The clapping starts in New York City every evening at 7pm.
It begins with a few claps and slowly crescendos into a cacophonous thunder of applause.
Similar arrangements can be heard in places across the world with people assembling on their balconies, standing in their doorways, hanging out their windows, and climbing on their rooftops to applaud emergency service providers and essential workers.
Community hopping has never been so easy - from Synagogues to yoga classes and concerts to cooking classes. Every Zoom link is a portal to a world with its own ethos, values and norms. Environmentalists attract other nature lovers. Intellectuals gather around texts. Musicians create and appreciate music. We are attracted to these worlds because in them we hope to find unity with like-minded individuals.
Often, core values attract likeminded people to form an Edah.
But once you find your brethren, are you immediately an Edah? What are ways that you can nourish your collective identity?
In Corona Times, gathering in an Edah is often virtual. While the group is likely gathering to delve into something of common interest, there is still a need to cultivate the community.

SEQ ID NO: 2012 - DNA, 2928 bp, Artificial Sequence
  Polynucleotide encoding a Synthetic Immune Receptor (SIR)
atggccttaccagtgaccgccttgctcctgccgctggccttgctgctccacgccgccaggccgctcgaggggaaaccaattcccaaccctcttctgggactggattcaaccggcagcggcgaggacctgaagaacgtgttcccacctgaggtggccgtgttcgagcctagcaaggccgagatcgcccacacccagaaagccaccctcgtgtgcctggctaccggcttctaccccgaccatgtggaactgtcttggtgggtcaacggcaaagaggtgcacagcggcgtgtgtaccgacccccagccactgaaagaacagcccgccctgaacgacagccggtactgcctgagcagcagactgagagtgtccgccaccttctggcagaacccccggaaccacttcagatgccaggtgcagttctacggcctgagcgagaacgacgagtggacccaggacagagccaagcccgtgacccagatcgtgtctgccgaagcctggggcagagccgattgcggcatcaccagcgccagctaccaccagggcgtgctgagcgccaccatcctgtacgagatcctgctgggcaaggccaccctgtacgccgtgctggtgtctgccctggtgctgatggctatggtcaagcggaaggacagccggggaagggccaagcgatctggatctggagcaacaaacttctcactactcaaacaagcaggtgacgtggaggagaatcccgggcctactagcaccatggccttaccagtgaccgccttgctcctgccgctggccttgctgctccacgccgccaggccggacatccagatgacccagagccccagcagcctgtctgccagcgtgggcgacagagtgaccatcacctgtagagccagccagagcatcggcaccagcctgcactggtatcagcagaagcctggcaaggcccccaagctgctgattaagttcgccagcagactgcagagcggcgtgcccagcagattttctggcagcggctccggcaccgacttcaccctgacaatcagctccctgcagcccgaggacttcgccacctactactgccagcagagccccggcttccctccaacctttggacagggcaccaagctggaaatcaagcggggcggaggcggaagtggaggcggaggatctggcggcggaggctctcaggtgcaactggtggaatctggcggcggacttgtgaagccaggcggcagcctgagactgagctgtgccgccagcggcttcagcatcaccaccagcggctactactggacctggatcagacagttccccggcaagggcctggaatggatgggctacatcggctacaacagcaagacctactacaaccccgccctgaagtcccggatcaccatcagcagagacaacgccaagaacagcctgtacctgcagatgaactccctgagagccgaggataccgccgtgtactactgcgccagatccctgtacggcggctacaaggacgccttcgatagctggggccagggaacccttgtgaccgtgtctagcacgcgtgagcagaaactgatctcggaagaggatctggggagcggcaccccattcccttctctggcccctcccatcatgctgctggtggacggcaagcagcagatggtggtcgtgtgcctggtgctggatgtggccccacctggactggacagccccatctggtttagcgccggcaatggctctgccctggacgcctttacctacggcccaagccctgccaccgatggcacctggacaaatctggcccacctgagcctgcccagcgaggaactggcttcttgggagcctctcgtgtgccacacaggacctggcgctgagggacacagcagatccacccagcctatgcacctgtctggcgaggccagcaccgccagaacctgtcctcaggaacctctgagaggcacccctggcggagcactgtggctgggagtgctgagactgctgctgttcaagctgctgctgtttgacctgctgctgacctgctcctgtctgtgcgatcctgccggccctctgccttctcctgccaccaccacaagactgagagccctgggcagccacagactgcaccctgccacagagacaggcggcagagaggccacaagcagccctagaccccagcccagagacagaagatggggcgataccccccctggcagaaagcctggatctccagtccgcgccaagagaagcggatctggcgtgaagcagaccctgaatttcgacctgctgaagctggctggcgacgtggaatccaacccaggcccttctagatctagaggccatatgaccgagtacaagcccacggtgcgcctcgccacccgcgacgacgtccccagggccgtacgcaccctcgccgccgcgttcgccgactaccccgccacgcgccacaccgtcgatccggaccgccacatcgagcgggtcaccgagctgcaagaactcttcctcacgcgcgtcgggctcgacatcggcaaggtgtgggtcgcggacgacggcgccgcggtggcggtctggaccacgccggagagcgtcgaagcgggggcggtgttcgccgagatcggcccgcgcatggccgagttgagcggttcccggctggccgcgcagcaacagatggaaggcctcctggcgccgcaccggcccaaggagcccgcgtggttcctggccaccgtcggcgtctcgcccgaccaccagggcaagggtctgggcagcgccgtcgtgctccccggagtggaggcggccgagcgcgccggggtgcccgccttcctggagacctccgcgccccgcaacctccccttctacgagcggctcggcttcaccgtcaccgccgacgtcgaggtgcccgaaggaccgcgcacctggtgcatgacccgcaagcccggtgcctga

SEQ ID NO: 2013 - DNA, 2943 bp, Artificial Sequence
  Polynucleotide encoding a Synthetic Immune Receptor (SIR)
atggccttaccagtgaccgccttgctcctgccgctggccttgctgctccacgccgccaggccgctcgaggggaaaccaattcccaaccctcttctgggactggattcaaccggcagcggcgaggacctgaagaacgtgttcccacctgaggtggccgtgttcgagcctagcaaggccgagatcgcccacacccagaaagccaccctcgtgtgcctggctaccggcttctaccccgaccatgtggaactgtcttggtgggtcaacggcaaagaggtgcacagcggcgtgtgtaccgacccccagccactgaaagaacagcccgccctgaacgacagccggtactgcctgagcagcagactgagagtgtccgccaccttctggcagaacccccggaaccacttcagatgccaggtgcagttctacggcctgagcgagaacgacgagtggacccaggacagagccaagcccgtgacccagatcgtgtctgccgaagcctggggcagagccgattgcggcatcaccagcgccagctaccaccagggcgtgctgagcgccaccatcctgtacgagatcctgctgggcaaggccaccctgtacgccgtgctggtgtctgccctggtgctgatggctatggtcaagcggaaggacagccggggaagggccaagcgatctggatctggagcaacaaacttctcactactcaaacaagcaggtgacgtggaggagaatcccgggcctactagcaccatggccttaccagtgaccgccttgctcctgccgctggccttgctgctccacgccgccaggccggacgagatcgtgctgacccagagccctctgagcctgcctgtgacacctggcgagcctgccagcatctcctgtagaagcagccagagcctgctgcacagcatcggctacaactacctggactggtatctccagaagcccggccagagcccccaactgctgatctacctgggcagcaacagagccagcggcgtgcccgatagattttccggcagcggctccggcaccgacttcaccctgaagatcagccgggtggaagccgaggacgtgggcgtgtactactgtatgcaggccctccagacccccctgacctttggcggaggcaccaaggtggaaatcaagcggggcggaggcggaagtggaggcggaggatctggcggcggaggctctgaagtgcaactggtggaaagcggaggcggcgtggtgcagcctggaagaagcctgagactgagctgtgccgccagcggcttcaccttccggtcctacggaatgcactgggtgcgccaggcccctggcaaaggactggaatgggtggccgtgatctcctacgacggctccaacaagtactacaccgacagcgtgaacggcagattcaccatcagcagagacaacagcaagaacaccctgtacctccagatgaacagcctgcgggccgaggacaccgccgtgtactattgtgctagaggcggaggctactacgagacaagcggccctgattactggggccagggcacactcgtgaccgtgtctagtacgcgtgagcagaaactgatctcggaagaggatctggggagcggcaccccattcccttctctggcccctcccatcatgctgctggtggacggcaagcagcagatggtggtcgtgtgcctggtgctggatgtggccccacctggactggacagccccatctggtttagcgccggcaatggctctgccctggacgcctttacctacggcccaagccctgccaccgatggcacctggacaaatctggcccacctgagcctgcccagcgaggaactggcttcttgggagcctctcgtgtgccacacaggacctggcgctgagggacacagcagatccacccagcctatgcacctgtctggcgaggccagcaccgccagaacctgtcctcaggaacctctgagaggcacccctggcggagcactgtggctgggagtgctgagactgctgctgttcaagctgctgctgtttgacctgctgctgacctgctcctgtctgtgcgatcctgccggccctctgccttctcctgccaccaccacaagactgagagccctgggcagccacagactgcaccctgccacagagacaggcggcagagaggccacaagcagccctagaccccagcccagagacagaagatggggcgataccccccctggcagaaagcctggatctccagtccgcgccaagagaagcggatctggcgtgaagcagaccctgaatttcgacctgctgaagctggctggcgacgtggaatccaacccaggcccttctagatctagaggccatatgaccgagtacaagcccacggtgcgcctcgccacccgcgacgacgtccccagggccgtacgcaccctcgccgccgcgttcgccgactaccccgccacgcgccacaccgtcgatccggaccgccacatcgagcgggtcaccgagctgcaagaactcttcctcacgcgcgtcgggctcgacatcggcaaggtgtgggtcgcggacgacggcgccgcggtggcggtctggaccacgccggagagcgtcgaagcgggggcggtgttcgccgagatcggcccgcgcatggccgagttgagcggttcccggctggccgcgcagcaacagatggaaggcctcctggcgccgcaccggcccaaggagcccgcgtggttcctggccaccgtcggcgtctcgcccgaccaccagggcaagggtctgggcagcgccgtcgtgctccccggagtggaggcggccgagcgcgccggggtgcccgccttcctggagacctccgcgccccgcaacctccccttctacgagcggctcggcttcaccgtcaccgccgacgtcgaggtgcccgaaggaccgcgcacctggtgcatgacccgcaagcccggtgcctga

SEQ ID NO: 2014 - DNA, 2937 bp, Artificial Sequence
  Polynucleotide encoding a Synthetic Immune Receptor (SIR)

Rabbi Sacks’ suggests that a Tsibbur is a community more in name than in reality. It is defined by numbers more than identity. There are certain tasks that can only be done with the presence and assistance of others (i.e. Minyan, a prayer quorum) and therefore a Tsibbur gathers to achieve them.
In a Tsibbur, people are tied together by threads of circumstance.
Where do you encounter Tsibbur and how powerful is the connection for you?
Rabbi Sacks’ third type of community is a Kehillah. It is the type of community where its members are different from one another, but they work together for a common purpose and shared vision. A Kehilla is a community that combines the best elements of both an Edah and Tsibbur.
At M², we have the privilege of working with Jewish educators from all walks of life. We may have different orientations and ways of approaching our work, but we are united in our common purpose to create meaningful Jewish educational experiences for learners. If we – the readers of this Spark – were to write a collective manifesto, what would it say? How could it reflect our differences while identifying our shared goal? Let’s try it.
There are different types of community that we are each a part of at any given moment, based on choice, circumstance, or action. Some are intimate and exclusive while others are comprised of people you’ll never meet. They all have their benefits, but each can leave us looking for something more.